Mitt Romney’s comments about culture and disparities between the Israeli and Palestinian economies may have caused a stir, but the Republican candidate isn’t running away from the topic. Instead he’s doubling down.
After previously arguing that he wasn’t talking about Palestinian culture in his original remarks, Romney has now published an essay for the conservative movement’s flagship magazine, National Review, on the role that culture plays in creating prosperity.
In his essay, published online last night, Romney writes:
But what exactly accounts for prosperity if not culture? In the case of the United States, it is a particular kind of culture that has made us the greatest economic power in the history of the earth. Many significant features come to mind: our work ethic, our appreciation for education, our willingness to take risks, our commitment to honor and oath, our family orientation, our devotion to a purpose greater than ourselves, our patriotism. But one feature of our culture that propels the American economy stands out above all others: freedom. The American economy is fueled by freedom. Free people and their free enterprises are what drive our economic vitality.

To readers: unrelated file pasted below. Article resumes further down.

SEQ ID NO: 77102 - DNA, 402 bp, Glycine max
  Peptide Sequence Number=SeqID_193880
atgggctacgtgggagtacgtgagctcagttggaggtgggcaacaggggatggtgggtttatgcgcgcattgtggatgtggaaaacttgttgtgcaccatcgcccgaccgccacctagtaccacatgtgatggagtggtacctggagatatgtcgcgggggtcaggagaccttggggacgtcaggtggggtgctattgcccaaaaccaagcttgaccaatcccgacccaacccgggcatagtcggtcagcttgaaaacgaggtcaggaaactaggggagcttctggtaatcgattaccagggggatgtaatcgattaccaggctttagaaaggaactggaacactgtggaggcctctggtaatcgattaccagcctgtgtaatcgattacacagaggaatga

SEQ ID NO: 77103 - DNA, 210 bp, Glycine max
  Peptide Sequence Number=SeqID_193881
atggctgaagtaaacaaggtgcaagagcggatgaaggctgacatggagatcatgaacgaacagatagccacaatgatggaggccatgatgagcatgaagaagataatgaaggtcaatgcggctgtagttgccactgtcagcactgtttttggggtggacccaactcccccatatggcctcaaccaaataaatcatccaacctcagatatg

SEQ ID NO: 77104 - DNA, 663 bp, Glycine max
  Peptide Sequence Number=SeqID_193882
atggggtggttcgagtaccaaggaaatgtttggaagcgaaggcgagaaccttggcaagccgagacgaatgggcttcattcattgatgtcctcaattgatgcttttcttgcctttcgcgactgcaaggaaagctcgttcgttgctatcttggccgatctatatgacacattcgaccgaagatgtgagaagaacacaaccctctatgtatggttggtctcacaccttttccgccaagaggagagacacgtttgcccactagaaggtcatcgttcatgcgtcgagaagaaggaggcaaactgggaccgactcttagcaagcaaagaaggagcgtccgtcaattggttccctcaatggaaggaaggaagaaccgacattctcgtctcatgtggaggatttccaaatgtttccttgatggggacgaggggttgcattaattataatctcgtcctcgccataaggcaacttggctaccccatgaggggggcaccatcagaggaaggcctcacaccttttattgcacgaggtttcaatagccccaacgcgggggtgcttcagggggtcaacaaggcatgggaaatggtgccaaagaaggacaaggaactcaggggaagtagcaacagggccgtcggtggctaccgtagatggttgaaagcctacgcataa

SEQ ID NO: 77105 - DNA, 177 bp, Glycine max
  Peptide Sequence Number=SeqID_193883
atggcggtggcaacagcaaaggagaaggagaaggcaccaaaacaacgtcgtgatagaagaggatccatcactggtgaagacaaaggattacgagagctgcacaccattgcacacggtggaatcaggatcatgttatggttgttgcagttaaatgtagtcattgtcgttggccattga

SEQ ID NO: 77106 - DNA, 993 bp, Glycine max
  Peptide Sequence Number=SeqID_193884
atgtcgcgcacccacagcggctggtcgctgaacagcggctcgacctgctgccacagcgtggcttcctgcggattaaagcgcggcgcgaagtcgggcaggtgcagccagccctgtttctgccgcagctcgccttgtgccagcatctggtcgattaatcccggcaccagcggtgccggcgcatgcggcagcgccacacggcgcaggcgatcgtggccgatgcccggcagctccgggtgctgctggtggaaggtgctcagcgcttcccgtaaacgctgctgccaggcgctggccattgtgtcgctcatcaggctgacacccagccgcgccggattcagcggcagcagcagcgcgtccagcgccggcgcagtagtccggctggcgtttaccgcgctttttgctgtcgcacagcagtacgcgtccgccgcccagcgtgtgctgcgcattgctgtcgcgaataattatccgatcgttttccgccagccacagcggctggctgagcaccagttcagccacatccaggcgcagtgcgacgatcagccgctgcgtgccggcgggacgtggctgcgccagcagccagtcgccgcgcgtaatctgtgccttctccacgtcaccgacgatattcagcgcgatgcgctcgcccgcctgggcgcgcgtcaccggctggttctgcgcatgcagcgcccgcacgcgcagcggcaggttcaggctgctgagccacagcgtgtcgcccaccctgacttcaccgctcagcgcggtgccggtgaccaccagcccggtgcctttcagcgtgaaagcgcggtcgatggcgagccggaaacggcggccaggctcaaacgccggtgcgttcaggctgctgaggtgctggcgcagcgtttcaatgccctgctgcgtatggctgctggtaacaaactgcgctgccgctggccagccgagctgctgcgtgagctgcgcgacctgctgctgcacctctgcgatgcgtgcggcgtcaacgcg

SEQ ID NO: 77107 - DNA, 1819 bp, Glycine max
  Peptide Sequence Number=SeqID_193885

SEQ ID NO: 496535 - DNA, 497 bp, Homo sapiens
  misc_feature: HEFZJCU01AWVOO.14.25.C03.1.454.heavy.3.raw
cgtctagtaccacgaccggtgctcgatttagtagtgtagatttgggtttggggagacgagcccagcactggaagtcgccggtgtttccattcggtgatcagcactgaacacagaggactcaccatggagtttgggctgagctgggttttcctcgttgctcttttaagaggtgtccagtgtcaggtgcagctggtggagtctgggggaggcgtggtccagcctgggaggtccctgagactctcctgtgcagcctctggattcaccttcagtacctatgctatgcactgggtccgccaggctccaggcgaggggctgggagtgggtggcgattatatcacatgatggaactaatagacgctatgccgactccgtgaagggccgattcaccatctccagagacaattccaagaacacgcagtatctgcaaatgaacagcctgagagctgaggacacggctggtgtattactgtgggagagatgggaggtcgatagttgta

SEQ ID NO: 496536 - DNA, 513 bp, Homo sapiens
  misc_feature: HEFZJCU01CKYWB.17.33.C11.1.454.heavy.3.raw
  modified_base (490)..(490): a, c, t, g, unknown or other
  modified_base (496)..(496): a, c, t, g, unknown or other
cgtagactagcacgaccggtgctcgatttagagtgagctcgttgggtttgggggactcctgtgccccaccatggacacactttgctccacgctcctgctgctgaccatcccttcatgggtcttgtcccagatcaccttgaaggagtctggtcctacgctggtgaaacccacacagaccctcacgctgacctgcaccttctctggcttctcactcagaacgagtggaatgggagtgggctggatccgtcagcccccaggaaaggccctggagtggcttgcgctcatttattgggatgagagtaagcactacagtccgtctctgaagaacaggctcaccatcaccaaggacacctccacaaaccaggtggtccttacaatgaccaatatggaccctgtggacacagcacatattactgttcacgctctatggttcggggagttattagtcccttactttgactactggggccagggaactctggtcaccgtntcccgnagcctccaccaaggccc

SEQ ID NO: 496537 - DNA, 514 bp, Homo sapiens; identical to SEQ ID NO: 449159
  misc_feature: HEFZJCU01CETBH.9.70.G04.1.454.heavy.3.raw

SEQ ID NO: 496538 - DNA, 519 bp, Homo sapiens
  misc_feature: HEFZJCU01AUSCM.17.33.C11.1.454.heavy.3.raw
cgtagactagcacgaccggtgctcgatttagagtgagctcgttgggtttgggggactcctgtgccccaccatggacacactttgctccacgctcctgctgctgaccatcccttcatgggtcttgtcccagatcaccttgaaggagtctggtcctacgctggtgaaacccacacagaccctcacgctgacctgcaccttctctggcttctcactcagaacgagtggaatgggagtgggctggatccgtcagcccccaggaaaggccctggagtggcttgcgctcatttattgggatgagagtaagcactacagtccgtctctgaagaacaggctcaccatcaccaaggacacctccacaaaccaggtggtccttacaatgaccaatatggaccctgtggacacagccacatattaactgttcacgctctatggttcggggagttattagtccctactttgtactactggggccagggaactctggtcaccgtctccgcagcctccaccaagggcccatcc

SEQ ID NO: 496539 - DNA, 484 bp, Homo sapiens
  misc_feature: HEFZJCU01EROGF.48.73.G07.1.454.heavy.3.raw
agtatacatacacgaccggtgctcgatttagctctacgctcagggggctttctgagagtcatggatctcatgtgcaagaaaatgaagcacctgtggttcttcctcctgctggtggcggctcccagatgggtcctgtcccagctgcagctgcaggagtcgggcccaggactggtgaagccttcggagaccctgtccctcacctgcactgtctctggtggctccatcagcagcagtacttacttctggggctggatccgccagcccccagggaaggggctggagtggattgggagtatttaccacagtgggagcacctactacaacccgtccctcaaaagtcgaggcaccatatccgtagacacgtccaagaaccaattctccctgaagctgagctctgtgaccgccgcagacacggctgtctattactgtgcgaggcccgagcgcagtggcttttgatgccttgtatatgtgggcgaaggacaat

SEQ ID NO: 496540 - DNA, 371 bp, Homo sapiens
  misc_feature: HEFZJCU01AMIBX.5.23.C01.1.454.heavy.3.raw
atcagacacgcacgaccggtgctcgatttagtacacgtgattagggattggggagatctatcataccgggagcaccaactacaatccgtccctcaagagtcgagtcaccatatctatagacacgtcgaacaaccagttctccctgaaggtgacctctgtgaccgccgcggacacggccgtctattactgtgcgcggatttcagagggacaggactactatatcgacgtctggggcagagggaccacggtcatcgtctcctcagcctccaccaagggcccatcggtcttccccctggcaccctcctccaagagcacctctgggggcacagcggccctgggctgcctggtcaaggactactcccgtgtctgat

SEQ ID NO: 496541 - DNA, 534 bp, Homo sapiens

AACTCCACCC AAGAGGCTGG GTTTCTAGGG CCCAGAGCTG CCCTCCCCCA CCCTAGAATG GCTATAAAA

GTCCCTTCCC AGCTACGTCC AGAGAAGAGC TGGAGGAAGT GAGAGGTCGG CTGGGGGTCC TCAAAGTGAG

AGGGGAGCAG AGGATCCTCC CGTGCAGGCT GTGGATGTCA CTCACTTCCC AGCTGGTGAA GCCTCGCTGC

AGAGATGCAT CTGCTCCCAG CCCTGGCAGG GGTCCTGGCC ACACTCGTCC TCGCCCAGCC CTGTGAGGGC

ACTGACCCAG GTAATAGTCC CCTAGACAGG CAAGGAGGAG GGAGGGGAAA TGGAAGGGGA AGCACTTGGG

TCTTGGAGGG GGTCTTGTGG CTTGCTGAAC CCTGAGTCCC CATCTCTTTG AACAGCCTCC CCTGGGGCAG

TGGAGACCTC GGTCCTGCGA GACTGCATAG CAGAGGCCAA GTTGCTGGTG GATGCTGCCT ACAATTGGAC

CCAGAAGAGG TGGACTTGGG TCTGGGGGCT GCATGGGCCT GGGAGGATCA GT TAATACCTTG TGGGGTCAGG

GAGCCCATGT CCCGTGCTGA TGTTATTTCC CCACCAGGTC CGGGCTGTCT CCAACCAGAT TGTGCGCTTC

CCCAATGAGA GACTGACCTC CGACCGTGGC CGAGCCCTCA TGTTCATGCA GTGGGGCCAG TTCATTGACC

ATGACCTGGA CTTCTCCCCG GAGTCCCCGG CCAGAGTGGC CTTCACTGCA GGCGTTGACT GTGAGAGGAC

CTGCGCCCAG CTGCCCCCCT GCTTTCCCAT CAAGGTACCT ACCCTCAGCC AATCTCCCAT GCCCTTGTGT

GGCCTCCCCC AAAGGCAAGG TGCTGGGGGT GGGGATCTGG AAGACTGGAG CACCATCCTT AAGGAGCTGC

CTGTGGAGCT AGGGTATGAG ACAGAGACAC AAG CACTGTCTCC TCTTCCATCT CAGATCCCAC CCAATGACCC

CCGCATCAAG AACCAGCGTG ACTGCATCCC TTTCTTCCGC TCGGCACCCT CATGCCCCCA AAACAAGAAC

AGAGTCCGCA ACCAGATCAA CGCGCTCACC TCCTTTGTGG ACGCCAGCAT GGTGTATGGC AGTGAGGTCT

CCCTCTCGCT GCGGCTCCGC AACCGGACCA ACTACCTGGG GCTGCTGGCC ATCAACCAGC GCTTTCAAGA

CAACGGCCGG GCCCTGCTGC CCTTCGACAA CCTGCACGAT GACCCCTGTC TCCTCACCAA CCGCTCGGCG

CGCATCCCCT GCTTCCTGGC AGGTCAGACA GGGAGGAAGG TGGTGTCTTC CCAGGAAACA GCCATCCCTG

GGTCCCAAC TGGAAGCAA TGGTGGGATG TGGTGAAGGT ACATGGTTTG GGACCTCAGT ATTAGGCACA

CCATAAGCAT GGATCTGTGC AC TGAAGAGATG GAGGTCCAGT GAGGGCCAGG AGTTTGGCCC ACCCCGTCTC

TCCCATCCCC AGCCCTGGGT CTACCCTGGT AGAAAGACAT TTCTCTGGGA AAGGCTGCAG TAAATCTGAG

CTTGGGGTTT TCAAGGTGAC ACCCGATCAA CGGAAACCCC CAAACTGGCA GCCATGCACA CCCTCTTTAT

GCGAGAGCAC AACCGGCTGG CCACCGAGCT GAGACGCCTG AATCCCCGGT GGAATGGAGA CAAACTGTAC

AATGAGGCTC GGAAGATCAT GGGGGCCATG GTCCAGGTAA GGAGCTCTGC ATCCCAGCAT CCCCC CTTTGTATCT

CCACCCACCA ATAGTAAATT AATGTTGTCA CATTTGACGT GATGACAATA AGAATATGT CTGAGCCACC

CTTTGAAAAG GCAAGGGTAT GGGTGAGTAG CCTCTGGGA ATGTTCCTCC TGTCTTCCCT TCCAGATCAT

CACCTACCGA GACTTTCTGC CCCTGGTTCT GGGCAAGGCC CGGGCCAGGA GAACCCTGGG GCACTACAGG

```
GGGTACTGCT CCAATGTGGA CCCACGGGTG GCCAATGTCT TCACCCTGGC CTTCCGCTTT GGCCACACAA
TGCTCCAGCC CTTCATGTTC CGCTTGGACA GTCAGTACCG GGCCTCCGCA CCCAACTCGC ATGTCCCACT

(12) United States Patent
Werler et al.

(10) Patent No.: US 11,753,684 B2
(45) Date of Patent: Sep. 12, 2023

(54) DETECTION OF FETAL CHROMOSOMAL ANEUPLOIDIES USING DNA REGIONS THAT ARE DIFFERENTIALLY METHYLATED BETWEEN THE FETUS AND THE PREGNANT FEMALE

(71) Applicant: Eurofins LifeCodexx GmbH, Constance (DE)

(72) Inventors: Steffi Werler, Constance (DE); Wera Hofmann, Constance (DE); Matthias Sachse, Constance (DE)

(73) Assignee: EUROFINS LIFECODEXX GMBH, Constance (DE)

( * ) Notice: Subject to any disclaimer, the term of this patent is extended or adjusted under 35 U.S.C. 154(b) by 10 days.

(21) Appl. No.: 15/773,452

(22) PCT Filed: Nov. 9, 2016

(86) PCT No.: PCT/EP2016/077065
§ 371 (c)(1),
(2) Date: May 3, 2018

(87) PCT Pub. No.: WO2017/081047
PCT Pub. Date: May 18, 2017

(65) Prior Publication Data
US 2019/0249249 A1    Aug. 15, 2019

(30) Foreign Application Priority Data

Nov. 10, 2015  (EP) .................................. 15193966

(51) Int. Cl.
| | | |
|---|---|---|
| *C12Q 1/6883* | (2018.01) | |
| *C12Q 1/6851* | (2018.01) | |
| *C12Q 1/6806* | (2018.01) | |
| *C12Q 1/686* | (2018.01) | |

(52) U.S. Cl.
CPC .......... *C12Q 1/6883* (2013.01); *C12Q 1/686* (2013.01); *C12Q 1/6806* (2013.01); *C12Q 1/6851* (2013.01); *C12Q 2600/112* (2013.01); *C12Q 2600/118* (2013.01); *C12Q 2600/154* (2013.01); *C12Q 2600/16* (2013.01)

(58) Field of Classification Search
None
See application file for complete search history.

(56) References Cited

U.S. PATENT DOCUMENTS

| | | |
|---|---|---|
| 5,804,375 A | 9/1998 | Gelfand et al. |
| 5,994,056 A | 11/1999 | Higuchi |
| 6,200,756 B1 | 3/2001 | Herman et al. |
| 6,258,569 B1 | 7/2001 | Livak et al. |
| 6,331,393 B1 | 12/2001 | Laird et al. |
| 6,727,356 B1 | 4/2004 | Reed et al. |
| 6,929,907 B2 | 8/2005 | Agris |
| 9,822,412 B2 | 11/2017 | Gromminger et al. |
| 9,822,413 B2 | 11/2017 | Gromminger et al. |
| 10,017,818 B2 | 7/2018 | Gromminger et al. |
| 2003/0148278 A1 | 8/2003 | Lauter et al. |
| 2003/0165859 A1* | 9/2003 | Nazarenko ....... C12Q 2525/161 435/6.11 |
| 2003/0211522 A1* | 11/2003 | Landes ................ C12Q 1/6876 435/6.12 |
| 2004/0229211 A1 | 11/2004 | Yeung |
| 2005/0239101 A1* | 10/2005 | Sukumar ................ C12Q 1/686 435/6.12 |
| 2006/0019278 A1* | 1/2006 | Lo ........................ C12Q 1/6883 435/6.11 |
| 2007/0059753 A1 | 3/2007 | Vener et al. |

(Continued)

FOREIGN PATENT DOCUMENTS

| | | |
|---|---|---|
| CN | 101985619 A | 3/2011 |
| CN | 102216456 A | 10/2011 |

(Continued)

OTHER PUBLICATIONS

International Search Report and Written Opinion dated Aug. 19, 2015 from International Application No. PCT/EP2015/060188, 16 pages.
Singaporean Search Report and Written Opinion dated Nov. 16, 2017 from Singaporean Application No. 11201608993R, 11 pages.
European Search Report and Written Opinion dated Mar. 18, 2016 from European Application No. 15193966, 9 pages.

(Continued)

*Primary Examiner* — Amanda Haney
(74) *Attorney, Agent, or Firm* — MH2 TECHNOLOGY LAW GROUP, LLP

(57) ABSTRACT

Regarding Israel, he writes:
Israel is also a telling example. Like the United States, the state of Israel has a culture that is based upon individual freedom and the rule of law. It is a democracy that has embraced liberty, both political and economic. This embrace has created conditions that have enabled innovators and entrepreneurs to make the desert bloom. In the face of improbable odds, Israel today is a world leader in fields ranging from medicine to information technology.
The Atlantic’s James Fallows has some quarrels with Romney’s essay and also thinks that the topic is a distraction for his campaign.